Exploring the Link: Oxalate Toxicity and Periodontal Disease

Exploring the Link: Oxalate Toxicity and Periodontal Disease

Introduction: In the pursuit of well-being, embracing plant-based diets and indulging in nutrient-packed green juices has become a trend. Yet, could there be a hidden downside to these seemingly healthy choices? Oxalate toxicity might be the unexpected player, challenging the conventional narrative that attributes gum issues solely to bacteria and oral hygiene.

Getting Acquainted with Oxalate: Oxalate, a sly compound found in various plants, isn't limited to causing kidney stones; it's also a disruptor to our overall health. Starting as oxalic acid, this minuscule mischief-maker forms compounds like calcium oxalate, triggering symptoms from joint discomfort to digestive disturbances and potential gum concerns.

A Historical Snapshot: Back in 1840, British physicians uncovered a connection between odd symptoms and a diet heavy in rhubarb, marking the early understanding of oxalic acid toxicity. While plants utilize oxalate as a defense mechanism, its impact on human physiology can lead to mineral shortages, bone-related issues, and chronic acidity.

Signs of Oxalate Overload: While kidney stones take the spotlight, oxalate overload brings an array of symptoms, from anxiety and arthritis to digestive issues and potential gum challenges. Recognizing these signals is crucial for identifying potential health issues related to oxalate.

Oxalate in Everyday Snacks: Numerous seemingly wholesome plant-based foods, including almonds, spinach, and black tea, harbor high levels of oxalates. These everyday treats may contribute to the rising trend of oxalate toxicity. Here's a list of foods high in oxalates:

  • Almonds
  • Beets
  • Beet greens
  • Black pepper
  • Black tea
  • Cacao
  • Cashews
  • Chia
  • Cinnamon
  • Clove
  • Figs
  • Guava
  • Hemp
  • Kiwi
  • Lentils
  • Peanuts
  • Potato
  • Quinoa
  • Raspberries
  • Rhubarb
  • Sorrell
  • Spinach
  • Starfruit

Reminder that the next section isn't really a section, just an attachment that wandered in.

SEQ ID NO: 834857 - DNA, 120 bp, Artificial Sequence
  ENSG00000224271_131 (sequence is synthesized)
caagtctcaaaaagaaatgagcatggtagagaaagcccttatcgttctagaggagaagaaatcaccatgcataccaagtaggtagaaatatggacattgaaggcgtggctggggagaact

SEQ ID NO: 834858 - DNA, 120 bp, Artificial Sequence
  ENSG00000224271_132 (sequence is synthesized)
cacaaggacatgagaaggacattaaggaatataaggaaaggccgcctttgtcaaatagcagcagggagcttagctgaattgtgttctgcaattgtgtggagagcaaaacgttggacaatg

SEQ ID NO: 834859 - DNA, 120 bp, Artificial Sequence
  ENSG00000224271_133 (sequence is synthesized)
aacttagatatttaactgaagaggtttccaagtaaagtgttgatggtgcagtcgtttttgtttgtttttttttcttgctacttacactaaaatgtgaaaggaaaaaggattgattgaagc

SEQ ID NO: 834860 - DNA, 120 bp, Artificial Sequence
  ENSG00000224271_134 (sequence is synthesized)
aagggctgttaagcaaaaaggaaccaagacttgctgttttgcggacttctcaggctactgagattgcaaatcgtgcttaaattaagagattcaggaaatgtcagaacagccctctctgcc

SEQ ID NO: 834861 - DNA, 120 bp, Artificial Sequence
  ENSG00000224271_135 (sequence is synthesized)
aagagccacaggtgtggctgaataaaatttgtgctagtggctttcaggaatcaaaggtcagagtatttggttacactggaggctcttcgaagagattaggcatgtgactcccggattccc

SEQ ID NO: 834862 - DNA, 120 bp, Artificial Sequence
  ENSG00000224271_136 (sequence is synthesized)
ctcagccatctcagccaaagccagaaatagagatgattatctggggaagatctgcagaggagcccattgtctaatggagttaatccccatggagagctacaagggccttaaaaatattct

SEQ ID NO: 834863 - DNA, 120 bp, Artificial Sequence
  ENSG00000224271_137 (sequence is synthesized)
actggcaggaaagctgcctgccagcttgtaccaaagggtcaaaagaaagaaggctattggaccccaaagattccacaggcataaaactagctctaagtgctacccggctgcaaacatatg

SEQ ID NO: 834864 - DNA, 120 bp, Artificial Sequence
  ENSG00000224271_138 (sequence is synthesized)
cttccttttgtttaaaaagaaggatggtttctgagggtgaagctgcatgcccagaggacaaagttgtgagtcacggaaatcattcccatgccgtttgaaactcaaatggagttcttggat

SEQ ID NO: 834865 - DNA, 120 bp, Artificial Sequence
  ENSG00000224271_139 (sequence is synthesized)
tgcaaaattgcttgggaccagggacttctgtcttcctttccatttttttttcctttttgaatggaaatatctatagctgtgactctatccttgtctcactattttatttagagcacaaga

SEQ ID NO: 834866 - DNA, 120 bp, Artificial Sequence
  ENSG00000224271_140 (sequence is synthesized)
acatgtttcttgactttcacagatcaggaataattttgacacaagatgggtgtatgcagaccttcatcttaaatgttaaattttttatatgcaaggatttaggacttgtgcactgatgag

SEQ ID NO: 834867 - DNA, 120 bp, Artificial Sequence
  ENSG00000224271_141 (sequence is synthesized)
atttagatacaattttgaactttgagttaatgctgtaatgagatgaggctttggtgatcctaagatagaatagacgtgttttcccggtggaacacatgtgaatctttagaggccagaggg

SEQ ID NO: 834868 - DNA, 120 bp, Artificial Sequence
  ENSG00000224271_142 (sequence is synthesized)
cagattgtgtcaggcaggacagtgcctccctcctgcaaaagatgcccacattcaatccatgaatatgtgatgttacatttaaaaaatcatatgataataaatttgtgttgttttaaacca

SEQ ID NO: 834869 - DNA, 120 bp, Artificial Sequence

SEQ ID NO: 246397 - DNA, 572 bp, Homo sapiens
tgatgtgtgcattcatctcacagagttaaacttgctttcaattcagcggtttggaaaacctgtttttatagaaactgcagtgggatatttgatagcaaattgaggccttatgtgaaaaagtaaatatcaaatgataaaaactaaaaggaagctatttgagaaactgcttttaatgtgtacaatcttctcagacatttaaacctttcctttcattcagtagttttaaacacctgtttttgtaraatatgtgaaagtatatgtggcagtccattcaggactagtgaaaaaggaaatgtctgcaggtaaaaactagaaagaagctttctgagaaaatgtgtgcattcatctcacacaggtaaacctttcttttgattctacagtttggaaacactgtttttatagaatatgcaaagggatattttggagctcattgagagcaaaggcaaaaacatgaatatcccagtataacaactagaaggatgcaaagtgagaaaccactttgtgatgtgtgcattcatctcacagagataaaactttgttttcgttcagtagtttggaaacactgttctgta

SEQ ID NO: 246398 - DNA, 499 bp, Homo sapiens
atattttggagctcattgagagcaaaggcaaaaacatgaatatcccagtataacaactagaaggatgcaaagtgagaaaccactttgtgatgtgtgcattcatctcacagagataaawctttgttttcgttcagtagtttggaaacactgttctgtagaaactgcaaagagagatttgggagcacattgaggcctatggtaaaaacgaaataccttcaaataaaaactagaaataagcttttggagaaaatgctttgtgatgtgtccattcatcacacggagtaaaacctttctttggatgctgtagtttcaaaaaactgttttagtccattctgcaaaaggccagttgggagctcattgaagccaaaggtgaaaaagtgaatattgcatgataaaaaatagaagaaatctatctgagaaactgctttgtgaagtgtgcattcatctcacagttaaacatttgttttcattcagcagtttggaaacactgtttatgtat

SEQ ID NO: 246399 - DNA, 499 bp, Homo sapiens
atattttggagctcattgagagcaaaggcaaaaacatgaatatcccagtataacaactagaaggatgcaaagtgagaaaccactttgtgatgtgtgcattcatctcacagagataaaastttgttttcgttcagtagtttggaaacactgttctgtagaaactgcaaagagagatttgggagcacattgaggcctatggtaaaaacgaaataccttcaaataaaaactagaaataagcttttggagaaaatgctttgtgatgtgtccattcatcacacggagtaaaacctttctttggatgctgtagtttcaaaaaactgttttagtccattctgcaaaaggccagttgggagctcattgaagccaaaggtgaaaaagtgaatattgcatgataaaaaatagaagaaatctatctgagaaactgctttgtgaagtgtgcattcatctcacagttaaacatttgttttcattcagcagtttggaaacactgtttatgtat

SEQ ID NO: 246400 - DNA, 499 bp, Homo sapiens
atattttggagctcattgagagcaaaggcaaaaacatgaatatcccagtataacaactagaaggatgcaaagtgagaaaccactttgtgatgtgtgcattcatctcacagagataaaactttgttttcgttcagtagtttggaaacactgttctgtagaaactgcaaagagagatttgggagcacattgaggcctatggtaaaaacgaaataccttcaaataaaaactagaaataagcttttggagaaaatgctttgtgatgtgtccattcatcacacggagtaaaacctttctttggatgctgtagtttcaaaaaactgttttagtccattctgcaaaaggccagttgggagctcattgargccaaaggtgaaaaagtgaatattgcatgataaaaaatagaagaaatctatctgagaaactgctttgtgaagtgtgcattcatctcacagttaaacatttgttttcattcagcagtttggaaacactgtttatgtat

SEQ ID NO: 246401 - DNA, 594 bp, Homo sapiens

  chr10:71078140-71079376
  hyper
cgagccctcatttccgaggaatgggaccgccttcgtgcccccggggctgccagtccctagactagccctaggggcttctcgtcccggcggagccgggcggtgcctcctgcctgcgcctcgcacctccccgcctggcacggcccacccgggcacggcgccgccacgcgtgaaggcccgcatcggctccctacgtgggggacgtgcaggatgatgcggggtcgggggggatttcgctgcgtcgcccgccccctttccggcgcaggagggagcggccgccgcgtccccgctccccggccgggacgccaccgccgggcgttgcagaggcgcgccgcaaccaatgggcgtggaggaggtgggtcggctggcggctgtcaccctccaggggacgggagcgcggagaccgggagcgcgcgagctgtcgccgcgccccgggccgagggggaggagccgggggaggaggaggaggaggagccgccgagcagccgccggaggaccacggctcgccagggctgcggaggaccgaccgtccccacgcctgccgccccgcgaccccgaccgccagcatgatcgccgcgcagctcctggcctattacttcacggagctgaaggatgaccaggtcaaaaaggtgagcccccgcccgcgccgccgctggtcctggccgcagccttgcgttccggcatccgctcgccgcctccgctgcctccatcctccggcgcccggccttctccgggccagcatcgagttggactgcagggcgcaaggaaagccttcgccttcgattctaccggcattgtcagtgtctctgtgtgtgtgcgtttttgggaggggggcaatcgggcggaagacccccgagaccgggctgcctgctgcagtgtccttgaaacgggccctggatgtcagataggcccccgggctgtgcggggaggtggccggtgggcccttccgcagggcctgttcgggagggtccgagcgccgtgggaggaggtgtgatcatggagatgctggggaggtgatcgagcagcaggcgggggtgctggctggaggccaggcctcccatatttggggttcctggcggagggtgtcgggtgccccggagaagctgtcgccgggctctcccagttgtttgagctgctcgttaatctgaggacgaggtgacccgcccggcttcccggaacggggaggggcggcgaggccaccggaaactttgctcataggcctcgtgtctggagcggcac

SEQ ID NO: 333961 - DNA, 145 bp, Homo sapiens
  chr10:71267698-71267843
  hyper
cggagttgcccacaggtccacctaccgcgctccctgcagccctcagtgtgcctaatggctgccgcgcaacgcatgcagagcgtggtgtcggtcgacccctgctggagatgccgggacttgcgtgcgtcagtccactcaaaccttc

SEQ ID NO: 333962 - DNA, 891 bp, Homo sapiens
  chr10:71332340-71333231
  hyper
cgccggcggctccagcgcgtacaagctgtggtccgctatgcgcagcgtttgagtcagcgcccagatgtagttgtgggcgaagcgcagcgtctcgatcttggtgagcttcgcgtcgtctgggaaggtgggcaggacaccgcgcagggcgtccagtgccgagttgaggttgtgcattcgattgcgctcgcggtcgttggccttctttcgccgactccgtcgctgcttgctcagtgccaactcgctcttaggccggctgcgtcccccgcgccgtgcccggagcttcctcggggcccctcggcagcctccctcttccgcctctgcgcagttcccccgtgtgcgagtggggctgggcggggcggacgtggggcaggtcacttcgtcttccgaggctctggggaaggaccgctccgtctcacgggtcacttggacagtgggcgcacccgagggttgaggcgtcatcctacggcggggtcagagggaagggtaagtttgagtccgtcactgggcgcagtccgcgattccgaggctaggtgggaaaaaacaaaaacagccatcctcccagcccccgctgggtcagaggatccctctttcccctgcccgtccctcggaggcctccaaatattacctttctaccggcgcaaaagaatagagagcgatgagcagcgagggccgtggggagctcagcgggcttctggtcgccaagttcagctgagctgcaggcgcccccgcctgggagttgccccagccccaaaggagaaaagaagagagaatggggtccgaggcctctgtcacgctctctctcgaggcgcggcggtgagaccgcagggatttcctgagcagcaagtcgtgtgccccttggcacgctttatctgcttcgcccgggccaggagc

• Sweet potato
  • Swiss chard
  • Teff
  • Turmeric

Oxalate and Gum Health: Beyond the usual culprits of bacteria and oral hygiene practices, oxalate toxicity emerges as a potential contributor to gum health issues. Individuals with the MTHFR mutation and those heavily reliant on antibiotics may face increased risks. Additionally, oxidative stress can set the stage for oxalate-related complications, impacting gut health and potentially leading to gum problems.

Leaky Gut and Oxalate: A compromised gut, especially with leaky gut syndrome, amplifies oxalate absorption, intensifying inflammation and gut issues. Oxalate crystals act like abrasive elements, inducing cellular stress, disrupting mitochondrial health, and fostering an environment conducive to yeast overgrowth.

Spotting and Addressing Oxalate Challenges: While urine testing for oxalate levels exists, it's not foolproof. However, there is a test called an OAT test by Great Plains that I do highly recommend.  Here is the link if you think you might have an oxalate issue.  Kidney function tests and imaging studies do offer additional insights. Managing oxalate-related issues involves a multifaceted approach, including dietary adjustments, nutrient therapy, and gut restoration. Gradually reducing high-oxalate foods and incorporating calcium citrate supplements can be instrumental.

Conclusion: As we unravel the connection between oxalate and gum health, it becomes clear that maintaining healthy gums goes beyond battling bacteria. Recognizing the impact of plant compounds like oxalate adds a fresh perspective to overall health, whether through dietary choices or oral care habits.


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